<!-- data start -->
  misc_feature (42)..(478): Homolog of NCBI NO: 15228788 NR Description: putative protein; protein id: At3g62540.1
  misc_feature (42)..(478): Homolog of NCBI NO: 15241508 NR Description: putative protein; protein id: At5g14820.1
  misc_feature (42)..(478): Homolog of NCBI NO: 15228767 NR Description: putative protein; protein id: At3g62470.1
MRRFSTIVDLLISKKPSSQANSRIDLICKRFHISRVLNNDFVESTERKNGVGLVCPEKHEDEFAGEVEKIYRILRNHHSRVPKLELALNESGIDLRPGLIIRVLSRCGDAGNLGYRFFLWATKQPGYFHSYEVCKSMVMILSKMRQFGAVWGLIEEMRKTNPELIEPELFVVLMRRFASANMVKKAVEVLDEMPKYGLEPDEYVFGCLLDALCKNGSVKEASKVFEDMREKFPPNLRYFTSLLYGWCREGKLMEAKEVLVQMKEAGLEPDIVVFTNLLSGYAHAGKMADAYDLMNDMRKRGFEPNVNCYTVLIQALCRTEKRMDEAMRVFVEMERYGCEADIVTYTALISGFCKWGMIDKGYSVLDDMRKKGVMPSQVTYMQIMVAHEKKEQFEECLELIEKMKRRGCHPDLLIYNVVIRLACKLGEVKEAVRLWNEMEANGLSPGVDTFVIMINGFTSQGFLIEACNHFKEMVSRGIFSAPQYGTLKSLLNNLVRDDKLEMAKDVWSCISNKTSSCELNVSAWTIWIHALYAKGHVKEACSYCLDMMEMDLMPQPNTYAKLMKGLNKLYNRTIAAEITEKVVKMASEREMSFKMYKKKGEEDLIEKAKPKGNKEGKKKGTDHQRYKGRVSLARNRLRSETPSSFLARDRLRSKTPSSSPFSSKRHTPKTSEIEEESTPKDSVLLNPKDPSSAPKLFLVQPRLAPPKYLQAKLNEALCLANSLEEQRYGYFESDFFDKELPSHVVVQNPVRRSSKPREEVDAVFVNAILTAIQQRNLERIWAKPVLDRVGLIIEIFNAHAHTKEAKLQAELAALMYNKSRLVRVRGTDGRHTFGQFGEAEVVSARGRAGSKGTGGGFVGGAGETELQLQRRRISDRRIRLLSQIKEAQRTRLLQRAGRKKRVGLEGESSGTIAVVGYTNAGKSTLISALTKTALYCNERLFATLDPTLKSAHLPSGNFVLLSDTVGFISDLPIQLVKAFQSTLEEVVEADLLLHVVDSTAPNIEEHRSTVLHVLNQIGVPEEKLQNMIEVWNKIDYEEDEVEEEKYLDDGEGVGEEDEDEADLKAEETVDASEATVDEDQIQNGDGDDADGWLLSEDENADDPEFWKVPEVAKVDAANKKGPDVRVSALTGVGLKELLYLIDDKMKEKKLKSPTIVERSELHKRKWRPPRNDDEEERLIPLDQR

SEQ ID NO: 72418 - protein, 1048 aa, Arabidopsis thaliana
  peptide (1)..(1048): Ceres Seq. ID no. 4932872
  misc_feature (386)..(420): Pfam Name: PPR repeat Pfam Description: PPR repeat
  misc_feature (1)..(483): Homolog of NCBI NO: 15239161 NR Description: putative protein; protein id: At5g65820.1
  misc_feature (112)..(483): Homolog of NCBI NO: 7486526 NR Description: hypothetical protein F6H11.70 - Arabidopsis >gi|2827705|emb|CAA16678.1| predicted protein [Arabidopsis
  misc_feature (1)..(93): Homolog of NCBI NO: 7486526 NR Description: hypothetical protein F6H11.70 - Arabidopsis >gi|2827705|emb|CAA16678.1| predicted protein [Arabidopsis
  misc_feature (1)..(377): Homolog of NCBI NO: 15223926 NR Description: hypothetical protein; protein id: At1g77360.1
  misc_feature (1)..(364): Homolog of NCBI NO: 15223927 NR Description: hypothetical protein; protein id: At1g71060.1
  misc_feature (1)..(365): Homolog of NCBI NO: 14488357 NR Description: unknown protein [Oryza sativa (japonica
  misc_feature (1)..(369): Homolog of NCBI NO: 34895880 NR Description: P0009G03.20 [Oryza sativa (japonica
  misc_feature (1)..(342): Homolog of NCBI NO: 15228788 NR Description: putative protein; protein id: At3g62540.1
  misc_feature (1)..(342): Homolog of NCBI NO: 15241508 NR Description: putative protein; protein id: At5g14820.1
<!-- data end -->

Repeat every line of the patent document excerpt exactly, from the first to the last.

  misc_feature (42)..(478): Homolog of NCBI NO: 15228788 NR Description: putative protein; protein id: At3g62540.1
  misc_feature (42)..(478): Homolog of NCBI NO: 15241508 NR Description: putative protein; protein id: At5g14820.1
  misc_feature (42)..(478): Homolog of NCBI NO: 15228767 NR Description: putative protein; protein id: At3g62470.1
MRRFSTIVDLLISKKPSSQANSRIDLICKRFHISRVLNNDFVESTERKNGVGLVCPEKHEDEFAGEVEKIYRILRNHHSRVPKLELALNESGIDLRPGLIIRVLSRCGDAGNLGYRFFLWATKQPGYFHSYEVCKSMVMILSKMRQFGAVWGLIEEMRKTNPELIEPELFVVLMRRFASANMVKKAVEVLDEMPKYGLEPDEYVFGCLLDALCKNGSVKEASKVFEDMREKFPPNLRYFTSLLYGWCREGKLMEAKEVLVQMKEAGLEPDIVVFTNLLSGYAHAGKMADAYDLMNDMRKRGFEPNVNCYTVLIQALCRTEKRMDEAMRVFVEMERYGCEADIVTYTALISGFCKWGMIDKGYSVLDDMRKKGVMPSQVTYMQIMVAHEKKEQFEECLELIEKMKRRGCHPDLLIYNVVIRLACKLGEVKEAVRLWNEMEANGLSPGVDTFVIMINGFTSQGFLIEACNHFKEMVSRGIFSAPQYGTLKSLLNNLVRDDKLEMAKDVWSCISNKTSSCELNVSAWTIWIHALYAKGHVKEACSYCLDMMEMDLMPQPNTYAKLMKGLNKLYNRTIAAEITEKVVKMASEREMSFKMYKKKGEEDLIEKAKPKGNKEGKKKGTDHQRYKGRVSLARNRLRSETPSSFLARDRLRSKTPSSSPFSSKRHTPKTSEIEEESTPKDSVLLNPKDPSSAPKLFLVQPRLAPPKYLQAKLNEALCLANSLEEQRYGYFESDFFDKELPSHVVVQNPVRRSSKPREEVDAVFVNAILTAIQQRNLERIWAKPVLDRVGLIIEIFNAHAHTKEAKLQAELAALMYNKSRLVRVRGTDGRHTFGQFGEAEVVSARGRAGSKGTGGGFVGGAGETELQLQRRRISDRRIRLLSQIKEAQRTRLLQRAGRKKRVGLEGESSGTIAVVGYTNAGKSTLISALTKTALYCNERLFATLDPTLKSAHLPSGNFVLLSDTVGFISDLPIQLVKAFQSTLEEVVEADLLLHVVDSTAPNIEEHRSTVLHVLNQIGVPEEKLQNMIEVWNKIDYEEDEVEEEKYLDDGEGVGEEDEDEADLKAEETVDASEATVDEDQIQNGDGDDADGWLLSEDENADDPEFWKVPEVAKVDAANKKGPDVRVSALTGVGLKELLYLIDDKMKEKKLKSPTIVERSELHKRKWRPPRNDDEEERLIPLDQR

SEQ ID NO: 72418 - protein, 1048 aa, Arabidopsis thaliana
  peptide (1)..(1048): Ceres Seq. ID no. 4932872
  misc_feature (386)..(420): Pfam Name: PPR repeat Pfam Description: PPR repeat
  misc_feature (1)..(483): Homolog of NCBI NO: 15239161 NR Description: putative protein; protein id: At5g65820.1
  misc_feature (112)..(483): Homolog of NCBI NO: 7486526 NR Description: hypothetical protein F6H11.70 - Arabidopsis >gi|2827705|emb|CAA16678.1| predicted protein [Arabidopsis
  misc_feature (1)..(93): Homolog of NCBI NO: 7486526 NR Description: hypothetical protein F6H11.70 - Arabidopsis >gi|2827705|emb|CAA16678.1| predicted protein [Arabidopsis
  misc_feature (1)..(377): Homolog of NCBI NO: 15223926 NR Description: hypothetical protein; protein id: At1g77360.1
  misc_feature (1)..(364): Homolog of NCBI NO: 15223927 NR Description: hypothetical protein; protein id: At1g71060.1
  misc_feature (1)..(365): Homolog of NCBI NO: 14488357 NR Description: unknown protein [Oryza sativa (japonica
  misc_feature (1)..(369): Homolog of NCBI NO: 34895880 NR Description: P0009G03.20 [Oryza sativa (japonica
  misc_feature (1)..(342): Homolog of NCBI NO: 15228788 NR Description: putative protein; protein id: At3g62540.1
  misc_feature (1)..(342): Homolog of NCBI NO: 15241508 NR Description: putative protein; protein id: At5g14820.1